I didn't mean for that to imply anything towards you, personally. That scripture, I think, is universal in my belief system, what good is money and power if it makes you lose sight of what is really important. i.e. God and helping your fellow man. It's just one of the values I would like my daughter to take with her.

    There are less noble jobs than stripping and more noble jobs than stripping. Same goes for my job. Does that make me less or more noble than someone else? Absolutely not. My nobleness does not come from my job, it comes from my core, my heart and my soul. And that only God can judge. I want my daughter to pick a job that she loves so much that she would do it for free, day in and day out. Could you? I know with my job I wouldn't.

    I have no doubt that you have grown as a person from your job. Probably some aspects of your growth were accelerated due to the nature of your job. You would have grown if you stayed a paramedic too. Differently, but still, growth. But the pendulum swings both ways. Jobs can both help growth and hamper growth.

    I do not believe stripping negates future noble endeavors. Quitting will not bring forgiveness. My beliefs tell me that forgiveness is already there, all I have to do is ask. I believe there is nothing we can do in this world (short of lifelong rejection of God) that we will not be forgiven if we ask.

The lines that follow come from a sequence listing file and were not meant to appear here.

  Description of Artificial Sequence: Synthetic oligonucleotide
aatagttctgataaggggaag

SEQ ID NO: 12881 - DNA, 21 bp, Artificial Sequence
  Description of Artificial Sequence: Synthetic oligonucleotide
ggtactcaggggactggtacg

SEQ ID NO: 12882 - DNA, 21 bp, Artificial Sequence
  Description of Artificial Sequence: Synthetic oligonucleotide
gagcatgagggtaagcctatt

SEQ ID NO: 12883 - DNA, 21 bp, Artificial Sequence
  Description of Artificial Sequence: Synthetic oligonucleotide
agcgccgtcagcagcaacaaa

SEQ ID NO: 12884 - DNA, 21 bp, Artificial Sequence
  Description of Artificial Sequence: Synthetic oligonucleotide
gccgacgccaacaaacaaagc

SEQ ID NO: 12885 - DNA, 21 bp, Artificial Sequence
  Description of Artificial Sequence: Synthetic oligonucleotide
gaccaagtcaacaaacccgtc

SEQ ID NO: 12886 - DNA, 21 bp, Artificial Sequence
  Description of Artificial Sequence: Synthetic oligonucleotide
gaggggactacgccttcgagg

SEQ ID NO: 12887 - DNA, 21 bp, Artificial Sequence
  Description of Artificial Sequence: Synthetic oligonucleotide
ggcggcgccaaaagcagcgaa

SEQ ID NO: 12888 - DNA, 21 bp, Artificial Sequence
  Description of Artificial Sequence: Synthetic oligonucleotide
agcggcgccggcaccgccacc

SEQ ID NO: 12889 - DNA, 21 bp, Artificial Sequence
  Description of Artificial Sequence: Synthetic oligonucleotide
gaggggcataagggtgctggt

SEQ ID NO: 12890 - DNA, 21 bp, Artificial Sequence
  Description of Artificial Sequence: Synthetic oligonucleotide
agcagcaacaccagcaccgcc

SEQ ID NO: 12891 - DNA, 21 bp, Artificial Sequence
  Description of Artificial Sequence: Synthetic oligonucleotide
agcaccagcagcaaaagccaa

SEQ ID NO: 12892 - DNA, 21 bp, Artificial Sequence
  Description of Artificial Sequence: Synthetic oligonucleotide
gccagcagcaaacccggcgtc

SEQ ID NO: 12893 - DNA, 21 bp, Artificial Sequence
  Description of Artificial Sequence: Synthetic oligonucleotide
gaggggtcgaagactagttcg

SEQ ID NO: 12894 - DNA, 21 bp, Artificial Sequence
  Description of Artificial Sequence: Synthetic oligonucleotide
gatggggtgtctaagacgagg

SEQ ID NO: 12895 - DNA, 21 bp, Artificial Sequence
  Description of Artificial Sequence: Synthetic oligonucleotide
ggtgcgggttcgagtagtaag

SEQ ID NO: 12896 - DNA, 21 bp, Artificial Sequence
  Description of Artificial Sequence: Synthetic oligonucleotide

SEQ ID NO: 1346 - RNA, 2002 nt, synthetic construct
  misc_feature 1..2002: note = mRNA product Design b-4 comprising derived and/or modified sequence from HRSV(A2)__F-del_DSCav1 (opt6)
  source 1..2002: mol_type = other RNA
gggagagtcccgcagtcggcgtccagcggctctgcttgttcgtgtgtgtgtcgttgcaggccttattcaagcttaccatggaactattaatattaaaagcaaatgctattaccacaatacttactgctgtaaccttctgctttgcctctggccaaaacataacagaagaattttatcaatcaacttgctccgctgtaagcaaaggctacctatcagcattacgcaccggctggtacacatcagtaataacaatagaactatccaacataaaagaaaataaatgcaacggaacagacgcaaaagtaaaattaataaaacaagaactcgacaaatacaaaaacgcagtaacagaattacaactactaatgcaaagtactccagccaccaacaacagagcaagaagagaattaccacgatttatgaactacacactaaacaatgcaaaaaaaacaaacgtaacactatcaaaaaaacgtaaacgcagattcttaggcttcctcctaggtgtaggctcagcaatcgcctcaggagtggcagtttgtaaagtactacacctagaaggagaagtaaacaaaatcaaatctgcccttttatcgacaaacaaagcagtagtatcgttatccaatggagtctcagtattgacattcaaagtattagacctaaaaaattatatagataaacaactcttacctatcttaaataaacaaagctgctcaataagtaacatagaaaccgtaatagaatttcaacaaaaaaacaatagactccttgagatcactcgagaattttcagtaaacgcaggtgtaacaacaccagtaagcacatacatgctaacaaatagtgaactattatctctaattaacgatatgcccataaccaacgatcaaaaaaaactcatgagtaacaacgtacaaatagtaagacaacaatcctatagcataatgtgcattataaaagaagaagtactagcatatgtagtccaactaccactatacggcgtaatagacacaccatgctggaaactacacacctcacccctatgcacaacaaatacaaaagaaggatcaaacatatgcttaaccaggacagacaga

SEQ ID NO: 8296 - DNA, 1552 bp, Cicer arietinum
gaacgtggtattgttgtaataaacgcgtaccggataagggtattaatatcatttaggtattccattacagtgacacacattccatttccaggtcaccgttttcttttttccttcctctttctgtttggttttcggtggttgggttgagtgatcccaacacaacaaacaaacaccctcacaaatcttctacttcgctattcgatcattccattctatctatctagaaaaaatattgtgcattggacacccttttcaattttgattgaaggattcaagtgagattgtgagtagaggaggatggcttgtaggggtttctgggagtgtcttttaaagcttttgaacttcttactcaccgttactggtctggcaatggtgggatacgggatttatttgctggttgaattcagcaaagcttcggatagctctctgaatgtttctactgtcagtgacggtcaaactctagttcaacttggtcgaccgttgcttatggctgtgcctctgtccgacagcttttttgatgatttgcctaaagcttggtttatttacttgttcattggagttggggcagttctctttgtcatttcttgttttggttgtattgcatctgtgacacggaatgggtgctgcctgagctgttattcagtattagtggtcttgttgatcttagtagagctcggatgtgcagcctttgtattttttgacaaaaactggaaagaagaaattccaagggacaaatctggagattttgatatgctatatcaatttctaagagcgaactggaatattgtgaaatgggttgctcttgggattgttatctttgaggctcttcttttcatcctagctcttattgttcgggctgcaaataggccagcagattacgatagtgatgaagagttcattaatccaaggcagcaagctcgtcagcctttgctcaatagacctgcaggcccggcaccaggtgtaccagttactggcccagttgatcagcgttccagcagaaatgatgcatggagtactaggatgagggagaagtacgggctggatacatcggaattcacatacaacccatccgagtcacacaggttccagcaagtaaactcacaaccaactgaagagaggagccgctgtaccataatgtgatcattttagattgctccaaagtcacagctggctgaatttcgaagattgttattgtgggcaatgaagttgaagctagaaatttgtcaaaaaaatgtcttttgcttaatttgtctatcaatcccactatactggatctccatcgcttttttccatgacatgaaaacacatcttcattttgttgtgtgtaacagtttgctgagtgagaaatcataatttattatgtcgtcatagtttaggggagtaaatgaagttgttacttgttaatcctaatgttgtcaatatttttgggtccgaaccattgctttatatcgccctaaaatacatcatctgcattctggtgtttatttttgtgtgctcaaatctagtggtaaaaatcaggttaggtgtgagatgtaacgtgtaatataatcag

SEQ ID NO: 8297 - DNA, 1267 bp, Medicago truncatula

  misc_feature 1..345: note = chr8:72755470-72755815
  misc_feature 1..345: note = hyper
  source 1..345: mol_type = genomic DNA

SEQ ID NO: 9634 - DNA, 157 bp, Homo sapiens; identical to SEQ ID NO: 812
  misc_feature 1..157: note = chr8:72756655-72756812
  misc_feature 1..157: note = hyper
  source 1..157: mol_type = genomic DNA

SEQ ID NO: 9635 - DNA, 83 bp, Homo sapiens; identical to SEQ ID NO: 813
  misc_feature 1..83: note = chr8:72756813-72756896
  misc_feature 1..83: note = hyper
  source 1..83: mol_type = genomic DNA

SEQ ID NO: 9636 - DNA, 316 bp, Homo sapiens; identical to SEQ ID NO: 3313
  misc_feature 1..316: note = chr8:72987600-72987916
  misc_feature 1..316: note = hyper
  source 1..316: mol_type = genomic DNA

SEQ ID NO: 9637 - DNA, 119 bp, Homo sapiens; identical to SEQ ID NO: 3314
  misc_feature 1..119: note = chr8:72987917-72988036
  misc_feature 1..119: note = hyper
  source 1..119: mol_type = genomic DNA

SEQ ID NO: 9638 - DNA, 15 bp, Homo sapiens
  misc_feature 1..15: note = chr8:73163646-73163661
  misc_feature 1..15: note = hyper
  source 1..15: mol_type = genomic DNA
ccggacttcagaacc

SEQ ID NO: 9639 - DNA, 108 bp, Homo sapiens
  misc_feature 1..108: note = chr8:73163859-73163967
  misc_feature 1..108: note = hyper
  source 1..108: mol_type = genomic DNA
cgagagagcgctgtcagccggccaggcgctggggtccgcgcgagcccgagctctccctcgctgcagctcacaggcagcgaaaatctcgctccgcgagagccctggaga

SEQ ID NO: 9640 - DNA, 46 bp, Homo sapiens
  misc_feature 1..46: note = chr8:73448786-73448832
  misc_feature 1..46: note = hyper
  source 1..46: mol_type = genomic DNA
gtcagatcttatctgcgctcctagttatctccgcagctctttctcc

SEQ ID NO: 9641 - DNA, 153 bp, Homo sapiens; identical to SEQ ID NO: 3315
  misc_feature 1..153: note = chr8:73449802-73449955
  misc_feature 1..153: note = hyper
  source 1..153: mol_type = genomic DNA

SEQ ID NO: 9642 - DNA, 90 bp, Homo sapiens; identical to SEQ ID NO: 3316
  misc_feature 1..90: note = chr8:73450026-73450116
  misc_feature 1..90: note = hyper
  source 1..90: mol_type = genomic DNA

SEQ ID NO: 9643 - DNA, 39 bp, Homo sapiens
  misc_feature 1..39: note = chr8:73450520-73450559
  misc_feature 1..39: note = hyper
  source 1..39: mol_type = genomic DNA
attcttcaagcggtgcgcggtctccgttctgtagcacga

I hope I have explained my comments. It is quite late so I can't tell if it make sense or not. :-)

  • At 9:49 PM, Anonymous rori said…

    Hi Ryann,
    I think the biggest thing is the social stigma in North America about nudity and morality.
    In europe nudity seems more accepted and the population I'd say is no less religious / spiritual. If humans are supposed to be the creation of God why is it a bad thing to show off / enjoy his handywork?

    I wish I could give you advice about your mother. If she's read this blog as much as some of the regulars, she would know that not only are you growing stronger and more confident but more caring and compasionate as well.

    While the maternal support may not be there, be assured that there's support from the friends you've made in your co-workers and patrons.

  • At 10:39 PM, Anonymous Gölök Zoltán Buday said…

    "Self worth" is the best phrase or term. "Self Esteem" or having pride is a bit self congratualatory and even, in the case of Self Esteem, it's like Hope or Chance, it's false attempt to feel good about one self using pop culture Liberal kiss ass terms and even pat one self on the back of course.
    I agree, be pleased with a job well done, but then again, pride can cause us to ignore the failure or mistakes we can learn from.
    As for parental or even humanistic approval or love, one should be able to count on it in good times and bad.


    Gölök Z. L. F. Buday
    "Whenever the majority of men are not deprived of their property or honor, they live contentedly" -- Niccolò Machiavelli, The Prince; Page 79